AUTOMATION CALLED A BOON FOR INSURERS, BUST FOR AGENTS

AUTOMATION CALLED A BOON FOR INSURERS, BUST FOR AGENTS

Automation could actually be hurting insurance agents.

That's the word from the president-elect of a national agents group who says the sporadic headway being made in insurance automation is benefiting insurers.In effect, many agents are being turned into virtual clones of direct writers, said David L. Ream, president-elect of the National Association of Professional Insurance Agents. Most systems today also are made by companies, and for companies. Automation is beginning to limit competition in the agency system, at a time when it should expand the freedom of agents to shop for the best coverage, at the best price, from among many companies.

Mr. Ream, who is affiliated with North Coast Insurance Systems Agency Inc., in Cleveland, Ohio, made his remarks in a statement released to The Journal of Commerce earlier this week.

Mr. Ream was scheduled to make similar remarks today at the annual meeting of Acord, a non-profit insurance organization whose aim is to improve and standardize automation between agencies and insurers. The annual meeting of the group, which is based in White Plains, N.Y., is scheduled to be held in Scottsdale, Ariz., this week.

The goal of Acord is multi-company interface, a system in which independent insurance agents can use one computer system to transact business electronically with several insurance companies.

Agents and their trade associations have strongly supported the concept of multi-company interface while insurers' support has been less vocal and widespread.

The present condition of the insurance automation system benefits companies because of insurers' heavy use of proprietary systems, which tie an agent to the specific company offering the computer system.

In many cases, these systems are geared less for the agent and more to the convenience of the company's own staffers and procedures, Mr. Ream added.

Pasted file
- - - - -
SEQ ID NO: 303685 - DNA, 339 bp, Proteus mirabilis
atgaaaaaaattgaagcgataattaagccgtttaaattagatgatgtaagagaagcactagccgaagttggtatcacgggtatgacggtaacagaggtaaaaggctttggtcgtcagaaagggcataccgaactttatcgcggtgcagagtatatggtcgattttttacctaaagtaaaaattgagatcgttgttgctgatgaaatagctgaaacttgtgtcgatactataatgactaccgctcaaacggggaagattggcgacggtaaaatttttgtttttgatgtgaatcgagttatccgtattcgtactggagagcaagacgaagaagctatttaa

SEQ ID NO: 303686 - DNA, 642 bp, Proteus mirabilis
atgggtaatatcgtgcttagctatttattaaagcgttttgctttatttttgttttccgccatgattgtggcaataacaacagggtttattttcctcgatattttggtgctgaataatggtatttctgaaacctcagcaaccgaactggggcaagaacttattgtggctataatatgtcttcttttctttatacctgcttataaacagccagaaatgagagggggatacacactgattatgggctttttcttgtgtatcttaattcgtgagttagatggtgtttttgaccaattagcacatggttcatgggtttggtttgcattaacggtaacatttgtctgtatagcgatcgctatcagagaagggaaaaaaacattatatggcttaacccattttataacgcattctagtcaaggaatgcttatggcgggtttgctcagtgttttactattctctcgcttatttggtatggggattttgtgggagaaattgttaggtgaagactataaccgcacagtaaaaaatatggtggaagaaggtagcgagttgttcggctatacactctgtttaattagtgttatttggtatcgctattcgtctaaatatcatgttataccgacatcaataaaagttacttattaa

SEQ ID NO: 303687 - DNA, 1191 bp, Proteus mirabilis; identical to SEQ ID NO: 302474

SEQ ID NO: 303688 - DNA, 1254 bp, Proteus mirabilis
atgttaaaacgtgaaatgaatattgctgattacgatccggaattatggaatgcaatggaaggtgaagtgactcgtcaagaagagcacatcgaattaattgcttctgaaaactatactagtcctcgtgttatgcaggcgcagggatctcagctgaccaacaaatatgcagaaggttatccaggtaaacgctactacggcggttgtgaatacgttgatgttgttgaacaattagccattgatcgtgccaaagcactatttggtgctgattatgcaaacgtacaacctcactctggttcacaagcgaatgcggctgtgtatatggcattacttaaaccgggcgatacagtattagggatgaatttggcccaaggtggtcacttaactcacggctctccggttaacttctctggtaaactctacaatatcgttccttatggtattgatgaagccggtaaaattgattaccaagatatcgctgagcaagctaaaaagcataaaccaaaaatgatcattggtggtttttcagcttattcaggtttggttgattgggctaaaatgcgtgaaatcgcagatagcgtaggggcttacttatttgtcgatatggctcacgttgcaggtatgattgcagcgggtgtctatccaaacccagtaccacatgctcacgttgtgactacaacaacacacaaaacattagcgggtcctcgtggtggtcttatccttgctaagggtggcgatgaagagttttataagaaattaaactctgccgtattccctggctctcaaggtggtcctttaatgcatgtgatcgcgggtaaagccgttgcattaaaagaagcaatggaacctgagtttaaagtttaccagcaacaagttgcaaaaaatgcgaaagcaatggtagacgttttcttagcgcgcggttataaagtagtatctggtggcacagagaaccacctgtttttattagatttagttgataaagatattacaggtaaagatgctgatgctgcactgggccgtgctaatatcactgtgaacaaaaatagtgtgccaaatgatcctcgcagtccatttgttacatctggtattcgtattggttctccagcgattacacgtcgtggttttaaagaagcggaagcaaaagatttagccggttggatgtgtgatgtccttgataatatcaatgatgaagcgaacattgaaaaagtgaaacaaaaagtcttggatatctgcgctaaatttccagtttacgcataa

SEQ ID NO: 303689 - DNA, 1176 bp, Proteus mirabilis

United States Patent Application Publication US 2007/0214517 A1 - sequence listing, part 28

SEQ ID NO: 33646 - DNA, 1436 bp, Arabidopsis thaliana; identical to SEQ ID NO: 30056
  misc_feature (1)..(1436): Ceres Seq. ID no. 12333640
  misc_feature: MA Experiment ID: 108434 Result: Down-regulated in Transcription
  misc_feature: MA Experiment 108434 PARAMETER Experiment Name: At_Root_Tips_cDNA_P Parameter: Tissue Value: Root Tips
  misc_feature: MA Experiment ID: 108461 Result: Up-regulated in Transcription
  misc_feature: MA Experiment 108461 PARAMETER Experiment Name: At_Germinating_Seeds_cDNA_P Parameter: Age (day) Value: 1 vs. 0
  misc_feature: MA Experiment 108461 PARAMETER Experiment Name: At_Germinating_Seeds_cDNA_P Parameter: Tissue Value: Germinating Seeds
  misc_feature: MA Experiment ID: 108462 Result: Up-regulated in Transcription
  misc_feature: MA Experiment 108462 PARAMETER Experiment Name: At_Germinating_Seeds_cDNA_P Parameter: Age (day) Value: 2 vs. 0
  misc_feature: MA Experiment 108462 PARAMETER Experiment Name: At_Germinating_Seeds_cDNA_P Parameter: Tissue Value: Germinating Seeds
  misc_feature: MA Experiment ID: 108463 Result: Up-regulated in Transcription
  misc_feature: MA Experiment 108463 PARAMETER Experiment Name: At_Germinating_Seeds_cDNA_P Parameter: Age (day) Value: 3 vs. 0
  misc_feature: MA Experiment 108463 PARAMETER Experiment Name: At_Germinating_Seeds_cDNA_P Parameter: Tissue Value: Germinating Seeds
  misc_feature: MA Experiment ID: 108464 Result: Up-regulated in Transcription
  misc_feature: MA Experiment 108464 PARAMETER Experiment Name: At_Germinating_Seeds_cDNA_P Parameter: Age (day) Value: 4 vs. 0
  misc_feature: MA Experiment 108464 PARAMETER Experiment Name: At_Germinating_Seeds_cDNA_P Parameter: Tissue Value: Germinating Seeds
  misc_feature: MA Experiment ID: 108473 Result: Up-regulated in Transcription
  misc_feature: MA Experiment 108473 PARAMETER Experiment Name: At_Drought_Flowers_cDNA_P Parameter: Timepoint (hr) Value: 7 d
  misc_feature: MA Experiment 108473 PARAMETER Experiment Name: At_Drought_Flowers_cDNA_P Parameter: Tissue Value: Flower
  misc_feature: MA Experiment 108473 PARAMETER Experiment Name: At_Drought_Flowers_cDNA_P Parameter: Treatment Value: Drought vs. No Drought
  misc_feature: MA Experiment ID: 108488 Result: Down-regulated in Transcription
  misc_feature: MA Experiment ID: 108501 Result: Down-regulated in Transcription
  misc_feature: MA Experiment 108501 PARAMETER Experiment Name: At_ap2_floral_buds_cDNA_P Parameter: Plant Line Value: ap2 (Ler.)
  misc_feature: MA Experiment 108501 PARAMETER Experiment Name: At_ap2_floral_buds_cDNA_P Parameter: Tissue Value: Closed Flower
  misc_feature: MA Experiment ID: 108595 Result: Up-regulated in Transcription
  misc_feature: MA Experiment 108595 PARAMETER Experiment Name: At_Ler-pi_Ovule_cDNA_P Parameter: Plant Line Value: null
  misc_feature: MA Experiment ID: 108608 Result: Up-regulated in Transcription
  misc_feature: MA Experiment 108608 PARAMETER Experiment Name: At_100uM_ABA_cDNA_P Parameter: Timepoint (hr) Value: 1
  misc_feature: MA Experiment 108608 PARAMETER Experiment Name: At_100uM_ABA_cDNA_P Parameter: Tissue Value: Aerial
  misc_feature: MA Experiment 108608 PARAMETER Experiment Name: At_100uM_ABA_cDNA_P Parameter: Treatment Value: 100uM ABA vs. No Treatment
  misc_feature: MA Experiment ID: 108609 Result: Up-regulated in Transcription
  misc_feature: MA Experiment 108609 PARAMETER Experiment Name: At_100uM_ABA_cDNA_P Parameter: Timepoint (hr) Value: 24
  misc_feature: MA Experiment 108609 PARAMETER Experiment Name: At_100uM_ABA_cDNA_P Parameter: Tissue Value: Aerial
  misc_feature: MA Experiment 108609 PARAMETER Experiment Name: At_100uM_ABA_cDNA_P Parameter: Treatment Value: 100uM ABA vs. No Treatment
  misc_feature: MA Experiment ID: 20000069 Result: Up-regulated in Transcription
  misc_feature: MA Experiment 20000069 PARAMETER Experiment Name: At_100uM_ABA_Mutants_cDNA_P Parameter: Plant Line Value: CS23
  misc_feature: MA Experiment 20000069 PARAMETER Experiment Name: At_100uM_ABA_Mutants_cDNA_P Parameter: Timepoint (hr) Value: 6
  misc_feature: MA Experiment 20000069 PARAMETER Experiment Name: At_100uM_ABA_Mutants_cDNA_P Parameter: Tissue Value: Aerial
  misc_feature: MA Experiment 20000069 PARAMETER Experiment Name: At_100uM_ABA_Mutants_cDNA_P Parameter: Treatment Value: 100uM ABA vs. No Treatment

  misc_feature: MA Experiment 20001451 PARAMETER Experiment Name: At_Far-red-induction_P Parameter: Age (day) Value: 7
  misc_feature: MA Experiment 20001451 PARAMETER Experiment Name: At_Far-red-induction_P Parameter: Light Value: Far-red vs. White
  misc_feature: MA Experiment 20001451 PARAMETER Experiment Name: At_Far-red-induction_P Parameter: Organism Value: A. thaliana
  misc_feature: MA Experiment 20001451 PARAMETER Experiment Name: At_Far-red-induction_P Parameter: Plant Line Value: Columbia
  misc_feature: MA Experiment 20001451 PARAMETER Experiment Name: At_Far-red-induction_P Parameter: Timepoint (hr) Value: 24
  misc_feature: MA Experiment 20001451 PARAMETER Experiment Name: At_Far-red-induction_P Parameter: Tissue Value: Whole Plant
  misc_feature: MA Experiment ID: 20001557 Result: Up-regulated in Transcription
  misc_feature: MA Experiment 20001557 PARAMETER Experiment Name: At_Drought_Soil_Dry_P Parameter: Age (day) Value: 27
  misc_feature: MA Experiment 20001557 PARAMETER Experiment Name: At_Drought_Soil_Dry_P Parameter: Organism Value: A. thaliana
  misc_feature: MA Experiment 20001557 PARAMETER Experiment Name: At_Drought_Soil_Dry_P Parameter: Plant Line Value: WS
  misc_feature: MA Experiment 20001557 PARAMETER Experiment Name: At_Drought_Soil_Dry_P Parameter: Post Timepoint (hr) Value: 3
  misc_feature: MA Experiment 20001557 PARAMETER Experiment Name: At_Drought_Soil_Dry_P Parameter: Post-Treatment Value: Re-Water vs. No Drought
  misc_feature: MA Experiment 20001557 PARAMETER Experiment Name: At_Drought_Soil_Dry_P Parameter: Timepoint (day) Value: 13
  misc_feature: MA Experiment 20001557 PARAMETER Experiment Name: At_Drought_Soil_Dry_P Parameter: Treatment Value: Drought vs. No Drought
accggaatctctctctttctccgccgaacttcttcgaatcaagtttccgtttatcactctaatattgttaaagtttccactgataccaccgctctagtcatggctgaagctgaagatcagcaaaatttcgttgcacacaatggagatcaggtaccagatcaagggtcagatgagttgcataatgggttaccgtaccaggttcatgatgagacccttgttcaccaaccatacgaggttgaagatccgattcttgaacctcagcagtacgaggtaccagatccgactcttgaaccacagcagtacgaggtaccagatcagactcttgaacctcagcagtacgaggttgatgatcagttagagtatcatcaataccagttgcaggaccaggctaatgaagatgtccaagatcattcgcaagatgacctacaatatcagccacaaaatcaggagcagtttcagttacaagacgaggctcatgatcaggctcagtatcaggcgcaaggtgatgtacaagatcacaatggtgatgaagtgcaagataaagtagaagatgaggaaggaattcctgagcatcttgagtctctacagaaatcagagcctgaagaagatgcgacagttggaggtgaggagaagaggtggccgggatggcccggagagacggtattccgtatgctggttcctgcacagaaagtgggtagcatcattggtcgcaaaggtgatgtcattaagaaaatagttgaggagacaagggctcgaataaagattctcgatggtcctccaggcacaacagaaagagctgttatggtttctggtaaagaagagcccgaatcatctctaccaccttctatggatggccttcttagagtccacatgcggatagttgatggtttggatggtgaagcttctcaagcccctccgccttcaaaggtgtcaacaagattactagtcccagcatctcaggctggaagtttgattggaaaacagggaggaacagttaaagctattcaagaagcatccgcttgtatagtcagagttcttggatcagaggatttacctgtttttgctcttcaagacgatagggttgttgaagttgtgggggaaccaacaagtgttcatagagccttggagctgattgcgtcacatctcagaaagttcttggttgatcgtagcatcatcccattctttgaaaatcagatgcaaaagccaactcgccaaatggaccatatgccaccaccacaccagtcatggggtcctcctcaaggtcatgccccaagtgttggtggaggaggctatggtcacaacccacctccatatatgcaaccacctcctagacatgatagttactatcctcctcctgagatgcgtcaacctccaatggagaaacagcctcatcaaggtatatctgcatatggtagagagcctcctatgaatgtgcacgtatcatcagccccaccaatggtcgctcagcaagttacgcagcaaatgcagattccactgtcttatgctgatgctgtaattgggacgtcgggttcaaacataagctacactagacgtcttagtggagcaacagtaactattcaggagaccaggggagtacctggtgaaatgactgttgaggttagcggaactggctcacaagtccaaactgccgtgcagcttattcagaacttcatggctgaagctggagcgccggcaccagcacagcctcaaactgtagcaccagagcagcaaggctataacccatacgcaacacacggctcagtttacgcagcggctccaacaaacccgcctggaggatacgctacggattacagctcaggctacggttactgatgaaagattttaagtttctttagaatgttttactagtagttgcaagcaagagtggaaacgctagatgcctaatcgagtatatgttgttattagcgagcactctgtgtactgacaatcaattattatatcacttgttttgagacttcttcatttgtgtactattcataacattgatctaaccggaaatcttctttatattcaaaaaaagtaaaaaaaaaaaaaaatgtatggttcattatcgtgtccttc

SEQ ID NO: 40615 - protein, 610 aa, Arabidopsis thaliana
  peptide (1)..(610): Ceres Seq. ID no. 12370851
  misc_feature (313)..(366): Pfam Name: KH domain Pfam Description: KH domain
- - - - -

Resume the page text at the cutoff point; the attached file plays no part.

An agency owner must install two or three computer systems if each insurer it conducts business with offers a proprietary system. Agency employees then must spend extra time and energy learning the techniques of different electronic systems, he added.

This is time the agency should be devoting to servicing customers or selling polices, Mr. Ream added.

Although the agents association knows many insurers and vendors want to develop an efficient automation system that will benefit agents, Mr. Ream said movement in this direction is too slow.

Progress is being slowed by the cold economics of capitalism. Understandably , company CEOs would face a stockholder lynch mob if they junked millions of dollars worth of (computer) systems, plus the competitive edges their proprietary systems provide, he said.

But agents, whose market share is being eroded by more efficient competitors, must show insurers how balanced, ideal automation will be more cost-effective than the continued development of individual computer systems.

We must set aside the natural urge for self-gratification, he added. The better course is to pursue mature, balanced automation that makes the entire agency system a stronger competitor.